Monsanto Blogs

posted in: News, Science | 2

I just read yesterday that Monsanto has just started blogging, using WordPress too! (Shake of the ol’ tassel bag to Jeff at sustainablog)

Well, not just now, but about two months ago, the new Monsanto blog put up its first post, Monsanto according to Monsanto. Taking a jab with the title at a recent documentary The World According to Monsanto, they explain why the big bad biotech giant has started a blog:

Unfortunately there’s no shortage of people, particularly on the internet, who have taken it upon themselves to speak about Monsanto – what the company is, what it does, and why. Many of these folks have their own agendas. If anyone should speak to Monsanto’s vision of the world, it’s those of us who come to work here every day and collectively make this company what it is. This is the main reason for this blog.

(Funny note: the filmmaker that made The World According to Monsanto didn’t interview anyone from Monsanto at all.)

Following up with a few posts about Seed Cleaners, Jeffrey Smith, the false dichotomy of Organic vs Biotech, they even also took the time to defend the practice of blogging. On my own site, I have defended blogging as journalism fervently.

On Monsanto according to Monsanto, so far there have only been posts from their ‘Public Affairs’ employees, however, it is stated on the blog that any Monsanto employee can write a post and submit it to the blog. Some have suggested, though that this is merely an attempt at PR. Are they taking the concept of blogging seriously? So far it looks like that’s a yes. Their comment moderation policy states:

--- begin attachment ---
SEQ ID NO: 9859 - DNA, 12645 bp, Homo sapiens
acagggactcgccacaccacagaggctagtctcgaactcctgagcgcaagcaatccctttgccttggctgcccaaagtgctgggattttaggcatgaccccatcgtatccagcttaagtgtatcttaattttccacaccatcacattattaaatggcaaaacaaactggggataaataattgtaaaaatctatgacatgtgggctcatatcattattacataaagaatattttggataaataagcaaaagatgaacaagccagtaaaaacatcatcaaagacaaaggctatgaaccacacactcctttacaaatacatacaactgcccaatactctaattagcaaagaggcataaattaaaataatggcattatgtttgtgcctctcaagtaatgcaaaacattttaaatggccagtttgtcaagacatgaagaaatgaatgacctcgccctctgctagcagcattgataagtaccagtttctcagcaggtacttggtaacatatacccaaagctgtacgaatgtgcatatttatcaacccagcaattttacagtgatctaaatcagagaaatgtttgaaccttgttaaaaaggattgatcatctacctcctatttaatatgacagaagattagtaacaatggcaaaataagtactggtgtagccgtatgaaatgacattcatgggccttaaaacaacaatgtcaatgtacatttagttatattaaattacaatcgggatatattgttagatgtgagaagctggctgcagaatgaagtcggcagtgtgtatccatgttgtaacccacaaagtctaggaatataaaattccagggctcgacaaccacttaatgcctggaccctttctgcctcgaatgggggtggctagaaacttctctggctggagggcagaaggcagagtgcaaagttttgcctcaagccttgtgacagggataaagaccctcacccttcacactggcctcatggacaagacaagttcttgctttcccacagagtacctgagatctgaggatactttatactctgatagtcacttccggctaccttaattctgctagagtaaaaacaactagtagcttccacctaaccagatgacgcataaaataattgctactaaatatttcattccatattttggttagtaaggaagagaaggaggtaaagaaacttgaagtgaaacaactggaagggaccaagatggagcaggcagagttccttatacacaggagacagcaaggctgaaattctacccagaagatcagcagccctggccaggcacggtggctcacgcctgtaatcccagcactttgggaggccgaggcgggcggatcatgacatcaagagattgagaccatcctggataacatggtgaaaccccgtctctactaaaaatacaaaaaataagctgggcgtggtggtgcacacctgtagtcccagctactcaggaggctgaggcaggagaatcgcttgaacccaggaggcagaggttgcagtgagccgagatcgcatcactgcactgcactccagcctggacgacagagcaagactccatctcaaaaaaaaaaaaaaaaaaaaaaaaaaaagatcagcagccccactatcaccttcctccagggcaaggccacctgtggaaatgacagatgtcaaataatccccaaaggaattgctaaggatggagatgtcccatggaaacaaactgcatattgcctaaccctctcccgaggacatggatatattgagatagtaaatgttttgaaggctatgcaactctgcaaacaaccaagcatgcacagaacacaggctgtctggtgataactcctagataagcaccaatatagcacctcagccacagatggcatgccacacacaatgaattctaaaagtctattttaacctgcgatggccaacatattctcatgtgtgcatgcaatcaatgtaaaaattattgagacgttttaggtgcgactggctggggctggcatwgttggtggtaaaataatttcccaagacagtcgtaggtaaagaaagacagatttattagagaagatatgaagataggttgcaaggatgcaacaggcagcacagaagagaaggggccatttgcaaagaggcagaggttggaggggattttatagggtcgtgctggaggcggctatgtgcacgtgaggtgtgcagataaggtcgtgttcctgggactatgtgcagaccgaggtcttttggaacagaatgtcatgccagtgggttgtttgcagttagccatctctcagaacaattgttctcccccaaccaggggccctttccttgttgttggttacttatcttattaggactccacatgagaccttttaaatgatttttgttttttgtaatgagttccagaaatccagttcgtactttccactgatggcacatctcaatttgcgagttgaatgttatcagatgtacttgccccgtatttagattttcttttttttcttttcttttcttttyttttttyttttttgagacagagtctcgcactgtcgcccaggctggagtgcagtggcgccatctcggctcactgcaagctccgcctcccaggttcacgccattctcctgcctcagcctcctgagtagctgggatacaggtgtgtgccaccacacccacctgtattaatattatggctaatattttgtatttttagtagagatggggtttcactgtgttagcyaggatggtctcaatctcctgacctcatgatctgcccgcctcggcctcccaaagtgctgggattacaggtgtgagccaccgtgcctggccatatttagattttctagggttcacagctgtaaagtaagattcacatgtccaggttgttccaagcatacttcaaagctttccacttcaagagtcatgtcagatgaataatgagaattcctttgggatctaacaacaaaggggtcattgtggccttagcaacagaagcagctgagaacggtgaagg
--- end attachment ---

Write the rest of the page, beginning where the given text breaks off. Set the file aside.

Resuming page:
We encourage readers to comment and engage in respectful conversation about the content posted here.

All comments are moderated and reviewed regularly. Only non-threatening and non-profane comments will be posted.

Please refrain from posting full articles and publications from other sites, as it could be a violation of copyright or intellectual property laws. Comments containing full articles will not be approved, comments containing links welcome.

And if you’ll take a look at the comments on each of these posts, there is plenty of discussion going on. It will be good to see misconceptions dashed apart by them, but I’ll keep an eye out in case the opposite occurs, too.

Lately, I have become aware that people with a stake in the discussion of genetic engineering have woken up to the blogosphere, and are taking it seriously. There is precious little good information about genetic engineering on blogs, and it looks like many people are realizing this all at once. Welcome to the blogosphere, Monsanto.

Follow Karl Haro von Mogel:

Karl earned his Ph.D. in Plant Breeding and Plant Genetics at UW-Madison, with a minor in Life Science Communication. His dissertation was on both the genetics of sweet corn and plant genetics outreach. He recently moved back to his home state of California. His favorite produce might just be squash.